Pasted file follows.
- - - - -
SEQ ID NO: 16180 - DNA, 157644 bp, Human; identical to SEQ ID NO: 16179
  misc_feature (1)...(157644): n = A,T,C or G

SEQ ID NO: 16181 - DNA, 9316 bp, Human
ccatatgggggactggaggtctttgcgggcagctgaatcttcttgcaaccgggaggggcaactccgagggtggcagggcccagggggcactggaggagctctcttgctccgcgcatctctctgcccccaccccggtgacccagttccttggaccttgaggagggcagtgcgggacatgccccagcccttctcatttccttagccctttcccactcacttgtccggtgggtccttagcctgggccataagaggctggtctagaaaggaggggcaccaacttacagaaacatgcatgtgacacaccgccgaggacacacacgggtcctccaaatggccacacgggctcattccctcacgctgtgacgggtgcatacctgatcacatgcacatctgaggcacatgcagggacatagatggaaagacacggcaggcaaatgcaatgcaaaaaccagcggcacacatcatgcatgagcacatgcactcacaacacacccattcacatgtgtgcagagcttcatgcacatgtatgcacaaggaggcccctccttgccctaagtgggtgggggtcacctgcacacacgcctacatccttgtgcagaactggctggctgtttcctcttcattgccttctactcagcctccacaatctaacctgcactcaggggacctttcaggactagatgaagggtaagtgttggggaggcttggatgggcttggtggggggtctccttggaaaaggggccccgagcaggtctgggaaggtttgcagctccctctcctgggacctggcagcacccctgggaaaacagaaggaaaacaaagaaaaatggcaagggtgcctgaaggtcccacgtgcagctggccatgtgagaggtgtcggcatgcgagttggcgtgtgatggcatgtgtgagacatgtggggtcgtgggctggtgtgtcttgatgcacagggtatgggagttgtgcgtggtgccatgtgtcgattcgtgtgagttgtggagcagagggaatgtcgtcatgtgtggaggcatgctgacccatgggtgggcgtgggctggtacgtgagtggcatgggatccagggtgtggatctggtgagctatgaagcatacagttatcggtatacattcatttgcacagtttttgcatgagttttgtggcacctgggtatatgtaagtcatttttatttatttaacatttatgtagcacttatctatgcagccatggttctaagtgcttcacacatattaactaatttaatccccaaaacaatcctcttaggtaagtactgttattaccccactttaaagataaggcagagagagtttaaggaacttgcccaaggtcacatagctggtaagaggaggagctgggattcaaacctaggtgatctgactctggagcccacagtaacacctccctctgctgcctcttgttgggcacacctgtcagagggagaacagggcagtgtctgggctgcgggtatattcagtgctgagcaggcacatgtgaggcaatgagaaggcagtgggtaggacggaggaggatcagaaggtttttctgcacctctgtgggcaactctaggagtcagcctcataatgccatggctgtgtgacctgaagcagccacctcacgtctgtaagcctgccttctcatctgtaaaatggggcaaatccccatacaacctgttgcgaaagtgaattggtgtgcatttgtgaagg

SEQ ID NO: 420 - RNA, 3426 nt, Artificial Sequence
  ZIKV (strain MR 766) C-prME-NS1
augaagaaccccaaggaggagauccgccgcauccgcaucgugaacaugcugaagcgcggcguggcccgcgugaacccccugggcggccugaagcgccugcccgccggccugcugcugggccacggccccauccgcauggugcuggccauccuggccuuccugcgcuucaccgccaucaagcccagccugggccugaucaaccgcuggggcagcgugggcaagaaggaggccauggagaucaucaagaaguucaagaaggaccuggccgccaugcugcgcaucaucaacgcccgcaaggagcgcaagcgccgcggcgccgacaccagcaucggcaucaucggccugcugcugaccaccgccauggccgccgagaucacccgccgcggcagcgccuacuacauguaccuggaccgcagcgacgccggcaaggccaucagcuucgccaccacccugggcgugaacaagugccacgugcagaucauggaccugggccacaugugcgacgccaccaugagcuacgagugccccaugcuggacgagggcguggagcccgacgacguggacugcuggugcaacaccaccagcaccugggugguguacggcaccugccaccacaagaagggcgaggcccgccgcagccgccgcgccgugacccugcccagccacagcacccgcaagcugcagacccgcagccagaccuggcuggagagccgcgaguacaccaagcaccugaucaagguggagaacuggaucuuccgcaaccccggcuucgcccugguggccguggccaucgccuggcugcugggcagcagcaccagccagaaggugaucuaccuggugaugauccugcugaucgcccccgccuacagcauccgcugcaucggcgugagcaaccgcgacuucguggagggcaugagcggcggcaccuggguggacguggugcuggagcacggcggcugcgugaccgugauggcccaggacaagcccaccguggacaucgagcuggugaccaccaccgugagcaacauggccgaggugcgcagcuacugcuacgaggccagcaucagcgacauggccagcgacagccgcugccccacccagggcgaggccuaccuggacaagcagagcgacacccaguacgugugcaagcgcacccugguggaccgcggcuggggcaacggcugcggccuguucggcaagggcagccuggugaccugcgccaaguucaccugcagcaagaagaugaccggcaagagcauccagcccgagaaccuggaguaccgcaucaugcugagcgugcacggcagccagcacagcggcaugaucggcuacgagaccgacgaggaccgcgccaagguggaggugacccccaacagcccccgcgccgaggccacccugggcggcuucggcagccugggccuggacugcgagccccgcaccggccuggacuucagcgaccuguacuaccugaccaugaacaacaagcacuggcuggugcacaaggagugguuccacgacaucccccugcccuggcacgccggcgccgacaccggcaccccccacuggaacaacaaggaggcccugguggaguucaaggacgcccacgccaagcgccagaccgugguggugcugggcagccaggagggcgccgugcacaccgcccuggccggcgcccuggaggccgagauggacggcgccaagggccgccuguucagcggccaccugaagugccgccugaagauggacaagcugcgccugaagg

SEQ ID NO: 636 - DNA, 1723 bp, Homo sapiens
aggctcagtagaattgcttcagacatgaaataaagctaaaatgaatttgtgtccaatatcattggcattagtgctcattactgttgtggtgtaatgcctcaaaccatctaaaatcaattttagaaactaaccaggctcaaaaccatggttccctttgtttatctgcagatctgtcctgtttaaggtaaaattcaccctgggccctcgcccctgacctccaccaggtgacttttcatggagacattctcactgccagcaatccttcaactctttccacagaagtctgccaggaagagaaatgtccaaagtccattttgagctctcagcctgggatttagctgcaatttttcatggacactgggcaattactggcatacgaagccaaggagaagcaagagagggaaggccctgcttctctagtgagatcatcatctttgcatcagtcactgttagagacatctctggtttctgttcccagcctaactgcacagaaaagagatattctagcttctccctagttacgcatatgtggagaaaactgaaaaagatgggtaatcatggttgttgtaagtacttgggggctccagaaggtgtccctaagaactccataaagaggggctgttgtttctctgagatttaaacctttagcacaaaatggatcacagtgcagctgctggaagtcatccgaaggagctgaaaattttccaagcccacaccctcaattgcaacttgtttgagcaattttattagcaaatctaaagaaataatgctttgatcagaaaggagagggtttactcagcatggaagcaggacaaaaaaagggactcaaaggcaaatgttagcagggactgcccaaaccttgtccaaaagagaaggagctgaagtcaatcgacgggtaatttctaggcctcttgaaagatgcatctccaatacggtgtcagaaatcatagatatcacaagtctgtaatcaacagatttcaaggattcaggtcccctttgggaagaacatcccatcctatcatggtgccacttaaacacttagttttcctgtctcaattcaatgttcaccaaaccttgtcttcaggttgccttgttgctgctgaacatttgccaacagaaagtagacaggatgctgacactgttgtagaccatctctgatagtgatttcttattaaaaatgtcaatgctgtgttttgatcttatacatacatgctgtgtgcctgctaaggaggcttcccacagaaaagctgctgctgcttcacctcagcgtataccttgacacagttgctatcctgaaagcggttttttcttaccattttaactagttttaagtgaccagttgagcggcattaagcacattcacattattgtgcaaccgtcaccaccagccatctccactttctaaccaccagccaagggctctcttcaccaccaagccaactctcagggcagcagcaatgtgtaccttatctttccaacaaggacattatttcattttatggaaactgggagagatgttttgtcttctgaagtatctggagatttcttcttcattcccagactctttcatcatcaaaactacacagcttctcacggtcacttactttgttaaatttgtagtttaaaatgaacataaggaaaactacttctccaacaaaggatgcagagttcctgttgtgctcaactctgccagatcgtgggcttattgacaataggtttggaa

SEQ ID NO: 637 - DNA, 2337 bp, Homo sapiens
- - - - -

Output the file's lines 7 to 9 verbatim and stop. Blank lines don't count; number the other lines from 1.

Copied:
augaagaaccccaaggaggagauccgccgcauccgcaucgugaacaugcugaagcgcggcguggcccgcgugaacccccugggcggccugaagcgccugcccgccggccugcugcugggccacggccccauccgcauggugcuggccauccuggccuuccugcgcuucaccgccaucaagcccagccugggccugaucaaccgcuggggcagcgugggcaagaaggaggccauggagaucaucaagaaguucaagaaggaccuggccgccaugcugcgcaucaucaacgcccgcaaggagcgcaagcgccgcggcgccgacaccagcaucggcaucaucggccugcugcugaccaccgccauggccgccgagaucacccgccgcggcagcgccuacuacauguaccuggaccgcagcgacgccggcaaggccaucagcuucgccaccacccugggcgugaacaagugccacgugcagaucauggaccugggccacaugugcgacgccaccaugagcuacgagugccccaugcuggacgagggcguggagcccgacgacguggacugcuggugcaacaccaccagcaccugggugguguacggcaccugccaccacaagaagggcgaggcccgccgcagccgccgcgccgugacccugcccagccacagcacccgcaagcugcagacccgcagccagaccuggcuggagagccgcgaguacaccaagcaccugaucaagguggagaacuggaucuuccgcaaccccggcuucgcccugguggccguggccaucgccuggcugcugggcagcagcaccagccagaaggugaucuaccuggugaugauccugcugaucgcccccgccuacagcauccgcugcaucggcgugagcaaccgcgacuucguggagggcaugagcggcggcaccuggguggacguggugcuggagcacggcggcugcgugaccgugauggcccaggacaagcccaccguggacaucgagcuggugaccaccaccgugagcaacauggccgaggugcgcagcuacugcuacgaggccagcaucagcgacauggccagcgacagccgcugccccacccagggcgaggccuaccuggacaagcagagcgacacccaguacgugugcaagcgcacccugguggaccgcggcuggggcaacggcugcggccuguucggcaagggcagccuggugaccugcgccaaguucaccugcagcaagaagaugaccggcaagagcauccagcccgagaaccuggaguaccgcaucaugcugagcgugcacggcagccagcacagcggcaugaucggcuacgagaccgacgaggaccgcgccaagguggaggugacccccaacagcccccgcgccgaggccacccugggcggcuucggcagccugggccuggacugcgagccccgcaccggccuggacuucagcgaccuguacuaccugaccaugaacaacaagcacuggcuggugcacaaggagugguuccacgacaucccccugcccuggcacgccggcgccgacaccggcaccccccacuggaacaacaaggaggcccugguggaguucaaggacgcccacgccaagcgccagaccgugguggugcugggcagccaggagggcgccgugcacaccgcccuggccggcgcccuggaggccgagauggacggcgccaagggccgccuguucagcggccaccugaagugccgccugaagauggacaagcugcgccugaagg

SEQ ID NO: 636 - DNA, 1723 bp, Homo sapiens
aggctcagtagaattgcttcagacatgaaataaagctaaaatgaatttgtgtccaatatcattggcattagtgctcattactgttgtggtgtaatgcctcaaaccatctaaaatcaattttagaaactaaccaggctcaaaaccatggttccctttgtttatctgcagatctgtcctgtttaaggtaaaattcaccctgggccctcgcccctgacctccaccaggtgacttttcatggagacattctcactgccagcaatccttcaactctttccacagaagtctgccaggaagagaaatgtccaaagtccattttgagctctcagcctgggatttagctgcaatttttcatggacactgggcaattactggcatacgaagccaaggagaagcaagagagggaaggccctgcttctctagtgagatcatcatctttgcatcagtcactgttagagacatctctggtttctgttcccagcctaactgcacagaaaagagatattctagcttctccctagttacgcatatgtggagaaaactgaaaaagatgggtaatcatggttgttgtaagtacttgggggctccagaaggtgtccctaagaactccataaagaggggctgttgtttctctgagatttaaacctttagcacaaaatggatcacagtgcagctgctggaagtcatccgaaggagctgaaaattttccaagcccacaccctcaattgcaacttgtttgagcaattttattagcaaatctaaagaaataatgctttgatcagaaaggagagggtttactcagcatggaagcaggacaaaaaaagggactcaaaggcaaatgttagcagggactgcccaaaccttgtccaaaagagaaggagctgaagtcaatcgacgggtaatttctaggcctcttgaaagatgcatctccaatacggtgtcagaaatcatagatatcacaagtctgtaatcaacagatttcaaggattcaggtcccctttgggaagaacatcccatcctatcatggtgccacttaaacacttagttttcctgtctcaattcaatgttcaccaaaccttgtcttcaggttgccttgttgctgctgaacatttgccaacagaaagtagacaggatgctgacactgttgtagaccatctctgatagtgatttcttattaaaaatgtcaatgctgtgttttgatcttatacatacatgctgtgtgcctgctaaggaggcttcccacagaaaagctgctgctgcttcacctcagcgtataccttgacacagttgctatcctgaaagcggttttttcttaccattttaactagttttaagtgaccagttgagcggcattaagcacattcacattattgtgcaaccgtcaccaccagccatctccactttctaaccaccagccaagggctctcttcaccaccaagccaactctcagggcagcagcaatgtgtaccttatctttccaacaaggacattatttcattttatggaaactgggagagatgttttgtcttctgaagtatctggagatttcttcttcattcccagactctttcatcatcaaaactacacagcttctcacggtcacttactttgttaaatttgtagtttaaaatgaacataaggaaaactacttctccaacaaaggatgcagagttcctgttgtgctcaactctgccagatcgtgggcttattgacaataggtttggaa